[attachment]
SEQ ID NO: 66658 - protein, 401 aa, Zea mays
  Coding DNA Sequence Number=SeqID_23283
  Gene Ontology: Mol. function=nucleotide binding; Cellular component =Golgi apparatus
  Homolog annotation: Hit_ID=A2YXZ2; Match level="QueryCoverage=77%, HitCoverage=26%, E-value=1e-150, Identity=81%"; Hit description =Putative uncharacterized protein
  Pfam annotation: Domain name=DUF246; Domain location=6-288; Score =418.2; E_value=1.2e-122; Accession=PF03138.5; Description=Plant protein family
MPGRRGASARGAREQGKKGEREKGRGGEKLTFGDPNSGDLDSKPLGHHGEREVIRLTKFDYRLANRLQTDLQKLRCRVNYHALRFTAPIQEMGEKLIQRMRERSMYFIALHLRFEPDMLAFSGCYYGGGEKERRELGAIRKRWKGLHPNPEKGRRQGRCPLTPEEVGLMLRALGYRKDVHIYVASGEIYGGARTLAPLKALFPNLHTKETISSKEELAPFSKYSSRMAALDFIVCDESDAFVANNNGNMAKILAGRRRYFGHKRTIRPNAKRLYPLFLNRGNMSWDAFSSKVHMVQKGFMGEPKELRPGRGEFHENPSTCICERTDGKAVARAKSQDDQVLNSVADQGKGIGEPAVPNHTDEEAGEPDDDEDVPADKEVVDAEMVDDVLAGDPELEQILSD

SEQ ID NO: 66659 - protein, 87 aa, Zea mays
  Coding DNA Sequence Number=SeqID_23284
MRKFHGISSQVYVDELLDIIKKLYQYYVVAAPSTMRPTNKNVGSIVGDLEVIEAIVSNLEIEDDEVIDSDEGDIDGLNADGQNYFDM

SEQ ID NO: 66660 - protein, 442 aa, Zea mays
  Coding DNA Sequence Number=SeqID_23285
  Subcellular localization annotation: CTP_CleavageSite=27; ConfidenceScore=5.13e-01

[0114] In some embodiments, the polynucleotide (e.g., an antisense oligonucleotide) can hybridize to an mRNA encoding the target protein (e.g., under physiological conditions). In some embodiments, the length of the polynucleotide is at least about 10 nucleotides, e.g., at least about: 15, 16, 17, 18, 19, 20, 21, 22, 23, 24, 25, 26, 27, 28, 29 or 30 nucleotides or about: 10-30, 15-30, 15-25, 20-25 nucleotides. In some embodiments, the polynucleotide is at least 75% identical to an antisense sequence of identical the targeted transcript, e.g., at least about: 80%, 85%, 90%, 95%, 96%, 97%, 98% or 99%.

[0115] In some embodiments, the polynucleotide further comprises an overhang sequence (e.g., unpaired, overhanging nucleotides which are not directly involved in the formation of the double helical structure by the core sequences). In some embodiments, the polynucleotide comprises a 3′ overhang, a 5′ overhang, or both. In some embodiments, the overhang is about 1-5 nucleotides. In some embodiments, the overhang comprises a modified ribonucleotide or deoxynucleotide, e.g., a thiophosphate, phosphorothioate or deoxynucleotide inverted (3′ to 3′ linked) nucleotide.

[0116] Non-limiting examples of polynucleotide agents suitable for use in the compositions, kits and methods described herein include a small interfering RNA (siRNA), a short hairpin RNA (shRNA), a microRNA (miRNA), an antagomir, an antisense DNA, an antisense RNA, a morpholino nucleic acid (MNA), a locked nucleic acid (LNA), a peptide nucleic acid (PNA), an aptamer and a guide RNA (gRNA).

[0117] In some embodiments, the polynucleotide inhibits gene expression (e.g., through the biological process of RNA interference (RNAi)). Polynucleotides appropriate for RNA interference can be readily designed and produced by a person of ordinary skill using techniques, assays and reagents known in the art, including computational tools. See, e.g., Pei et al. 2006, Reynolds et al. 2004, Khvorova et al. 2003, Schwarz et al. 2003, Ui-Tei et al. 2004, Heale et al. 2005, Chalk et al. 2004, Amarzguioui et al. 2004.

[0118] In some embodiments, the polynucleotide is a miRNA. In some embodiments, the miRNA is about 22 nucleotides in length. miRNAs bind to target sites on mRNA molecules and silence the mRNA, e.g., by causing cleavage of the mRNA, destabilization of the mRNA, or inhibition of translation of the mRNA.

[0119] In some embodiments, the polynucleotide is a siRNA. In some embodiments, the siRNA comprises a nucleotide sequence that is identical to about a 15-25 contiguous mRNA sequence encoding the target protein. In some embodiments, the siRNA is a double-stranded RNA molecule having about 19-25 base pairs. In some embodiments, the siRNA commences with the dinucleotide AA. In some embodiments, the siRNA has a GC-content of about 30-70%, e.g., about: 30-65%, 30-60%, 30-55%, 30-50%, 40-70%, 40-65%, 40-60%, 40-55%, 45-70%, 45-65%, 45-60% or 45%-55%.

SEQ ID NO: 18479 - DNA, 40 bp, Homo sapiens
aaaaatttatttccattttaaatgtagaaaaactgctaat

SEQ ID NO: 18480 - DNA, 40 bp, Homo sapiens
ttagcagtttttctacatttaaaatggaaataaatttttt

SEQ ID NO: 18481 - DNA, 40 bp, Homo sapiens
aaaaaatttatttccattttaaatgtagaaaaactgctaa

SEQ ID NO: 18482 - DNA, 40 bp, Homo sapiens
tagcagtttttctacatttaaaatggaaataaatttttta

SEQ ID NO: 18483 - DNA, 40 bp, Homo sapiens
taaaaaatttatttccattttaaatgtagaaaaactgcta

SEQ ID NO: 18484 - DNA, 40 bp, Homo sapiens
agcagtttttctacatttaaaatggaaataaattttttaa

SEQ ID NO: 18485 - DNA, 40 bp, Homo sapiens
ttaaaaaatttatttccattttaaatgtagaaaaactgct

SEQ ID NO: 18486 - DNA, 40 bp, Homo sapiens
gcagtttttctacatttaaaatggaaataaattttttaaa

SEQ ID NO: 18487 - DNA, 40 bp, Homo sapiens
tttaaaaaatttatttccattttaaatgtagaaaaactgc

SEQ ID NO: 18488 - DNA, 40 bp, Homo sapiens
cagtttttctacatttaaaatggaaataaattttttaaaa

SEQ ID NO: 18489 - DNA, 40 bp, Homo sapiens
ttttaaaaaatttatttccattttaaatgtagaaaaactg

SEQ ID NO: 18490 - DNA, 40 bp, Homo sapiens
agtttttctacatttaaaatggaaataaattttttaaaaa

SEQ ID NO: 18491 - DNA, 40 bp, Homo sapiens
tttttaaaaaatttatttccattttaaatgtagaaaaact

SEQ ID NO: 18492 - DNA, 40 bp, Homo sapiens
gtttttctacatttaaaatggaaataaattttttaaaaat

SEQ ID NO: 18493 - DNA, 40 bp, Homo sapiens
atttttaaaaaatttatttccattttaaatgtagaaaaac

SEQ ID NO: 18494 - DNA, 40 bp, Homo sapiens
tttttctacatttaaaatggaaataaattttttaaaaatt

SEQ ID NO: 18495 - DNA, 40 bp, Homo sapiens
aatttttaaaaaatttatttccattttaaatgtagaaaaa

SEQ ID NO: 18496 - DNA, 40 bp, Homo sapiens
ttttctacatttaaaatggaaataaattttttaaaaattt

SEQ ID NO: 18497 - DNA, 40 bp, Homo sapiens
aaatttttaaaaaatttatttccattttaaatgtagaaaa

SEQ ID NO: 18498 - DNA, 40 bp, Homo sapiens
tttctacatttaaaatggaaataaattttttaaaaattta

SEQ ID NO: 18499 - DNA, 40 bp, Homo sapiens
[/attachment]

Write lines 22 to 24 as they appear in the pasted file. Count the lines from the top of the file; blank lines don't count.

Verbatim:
ttagcagtttttctacatttaaaatggaaataaatttttt

SEQ ID NO: 18481 - DNA, 40 bp, Homo sapiens
aaaaaatttatttccattttaaatgtagaaaaactgctaa